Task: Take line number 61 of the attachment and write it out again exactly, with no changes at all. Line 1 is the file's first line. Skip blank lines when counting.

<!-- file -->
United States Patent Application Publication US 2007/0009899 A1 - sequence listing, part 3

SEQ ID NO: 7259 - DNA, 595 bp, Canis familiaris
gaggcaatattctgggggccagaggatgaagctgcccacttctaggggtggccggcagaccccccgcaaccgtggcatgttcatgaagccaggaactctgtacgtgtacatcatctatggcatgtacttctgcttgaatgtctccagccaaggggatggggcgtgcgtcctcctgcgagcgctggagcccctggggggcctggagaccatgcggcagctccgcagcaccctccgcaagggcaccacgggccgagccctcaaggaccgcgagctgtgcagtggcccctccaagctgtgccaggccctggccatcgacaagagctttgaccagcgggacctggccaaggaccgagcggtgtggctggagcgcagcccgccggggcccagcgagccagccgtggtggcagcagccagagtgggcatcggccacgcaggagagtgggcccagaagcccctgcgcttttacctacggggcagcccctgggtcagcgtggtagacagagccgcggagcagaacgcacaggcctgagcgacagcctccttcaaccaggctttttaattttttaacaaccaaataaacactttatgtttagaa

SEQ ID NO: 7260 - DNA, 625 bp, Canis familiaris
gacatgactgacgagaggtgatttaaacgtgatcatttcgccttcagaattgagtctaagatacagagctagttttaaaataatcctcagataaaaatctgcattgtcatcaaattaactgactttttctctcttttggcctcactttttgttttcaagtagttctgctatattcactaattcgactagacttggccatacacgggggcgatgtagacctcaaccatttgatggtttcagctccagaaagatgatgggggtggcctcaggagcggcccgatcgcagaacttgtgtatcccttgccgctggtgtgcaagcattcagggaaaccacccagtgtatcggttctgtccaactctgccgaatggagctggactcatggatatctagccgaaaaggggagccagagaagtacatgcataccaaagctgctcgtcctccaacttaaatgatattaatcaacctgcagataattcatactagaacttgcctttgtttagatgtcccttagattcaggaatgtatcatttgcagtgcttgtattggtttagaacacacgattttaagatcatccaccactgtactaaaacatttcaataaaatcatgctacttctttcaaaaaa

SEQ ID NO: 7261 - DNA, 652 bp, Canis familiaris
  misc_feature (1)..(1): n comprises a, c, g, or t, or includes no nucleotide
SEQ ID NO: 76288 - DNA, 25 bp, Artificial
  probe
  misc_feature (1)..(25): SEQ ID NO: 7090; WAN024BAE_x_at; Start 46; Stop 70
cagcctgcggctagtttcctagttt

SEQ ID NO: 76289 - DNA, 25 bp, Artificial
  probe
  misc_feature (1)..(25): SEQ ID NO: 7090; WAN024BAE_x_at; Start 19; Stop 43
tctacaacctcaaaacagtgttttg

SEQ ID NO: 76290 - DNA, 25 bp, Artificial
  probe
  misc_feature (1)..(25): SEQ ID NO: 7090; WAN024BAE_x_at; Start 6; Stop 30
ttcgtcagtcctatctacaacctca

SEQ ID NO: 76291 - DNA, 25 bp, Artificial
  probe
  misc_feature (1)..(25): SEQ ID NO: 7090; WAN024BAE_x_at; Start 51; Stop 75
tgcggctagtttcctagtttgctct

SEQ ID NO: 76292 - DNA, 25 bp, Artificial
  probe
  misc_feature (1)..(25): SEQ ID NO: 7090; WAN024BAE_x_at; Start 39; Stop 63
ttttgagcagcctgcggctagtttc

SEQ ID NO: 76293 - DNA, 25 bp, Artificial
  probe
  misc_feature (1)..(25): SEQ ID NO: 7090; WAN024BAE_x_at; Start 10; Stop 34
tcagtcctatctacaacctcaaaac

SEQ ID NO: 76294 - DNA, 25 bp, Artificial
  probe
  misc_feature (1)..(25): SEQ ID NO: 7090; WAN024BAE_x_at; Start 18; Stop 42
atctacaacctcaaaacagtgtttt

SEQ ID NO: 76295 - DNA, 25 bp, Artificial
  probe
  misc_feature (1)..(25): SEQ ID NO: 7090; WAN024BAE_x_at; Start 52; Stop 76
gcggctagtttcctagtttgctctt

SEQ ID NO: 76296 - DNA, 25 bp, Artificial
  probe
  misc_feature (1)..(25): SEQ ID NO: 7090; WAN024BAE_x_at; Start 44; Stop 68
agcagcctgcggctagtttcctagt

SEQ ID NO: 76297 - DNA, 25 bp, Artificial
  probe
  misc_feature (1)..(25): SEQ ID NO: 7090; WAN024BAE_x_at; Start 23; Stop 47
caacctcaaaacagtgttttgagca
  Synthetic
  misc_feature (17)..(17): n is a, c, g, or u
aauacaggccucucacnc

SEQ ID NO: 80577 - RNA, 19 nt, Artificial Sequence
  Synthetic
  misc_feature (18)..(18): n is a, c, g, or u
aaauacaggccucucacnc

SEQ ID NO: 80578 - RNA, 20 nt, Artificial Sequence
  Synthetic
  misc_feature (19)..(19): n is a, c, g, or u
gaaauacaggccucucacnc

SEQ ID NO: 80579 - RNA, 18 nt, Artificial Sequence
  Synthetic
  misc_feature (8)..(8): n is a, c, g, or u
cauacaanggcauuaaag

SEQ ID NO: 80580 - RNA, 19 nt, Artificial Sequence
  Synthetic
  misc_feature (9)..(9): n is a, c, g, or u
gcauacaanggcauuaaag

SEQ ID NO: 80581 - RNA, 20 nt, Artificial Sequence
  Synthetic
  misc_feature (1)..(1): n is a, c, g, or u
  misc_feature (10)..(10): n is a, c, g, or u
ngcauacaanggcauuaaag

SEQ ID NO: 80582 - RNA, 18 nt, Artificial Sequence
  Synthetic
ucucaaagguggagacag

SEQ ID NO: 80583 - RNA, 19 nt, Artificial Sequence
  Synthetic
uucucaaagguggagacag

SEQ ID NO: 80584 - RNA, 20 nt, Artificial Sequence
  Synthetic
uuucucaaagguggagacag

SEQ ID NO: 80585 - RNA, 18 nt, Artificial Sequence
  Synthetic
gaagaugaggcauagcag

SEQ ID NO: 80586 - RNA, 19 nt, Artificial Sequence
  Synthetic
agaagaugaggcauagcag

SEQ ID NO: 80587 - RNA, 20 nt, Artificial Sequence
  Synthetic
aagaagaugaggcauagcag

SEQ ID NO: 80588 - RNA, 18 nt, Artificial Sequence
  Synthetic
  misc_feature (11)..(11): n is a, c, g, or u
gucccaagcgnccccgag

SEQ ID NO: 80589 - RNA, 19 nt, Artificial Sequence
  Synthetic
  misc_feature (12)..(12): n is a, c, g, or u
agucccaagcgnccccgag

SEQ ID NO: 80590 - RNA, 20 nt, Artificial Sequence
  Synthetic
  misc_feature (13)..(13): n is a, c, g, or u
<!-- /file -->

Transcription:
  misc_feature (8)..(8): n is a, c, g, or u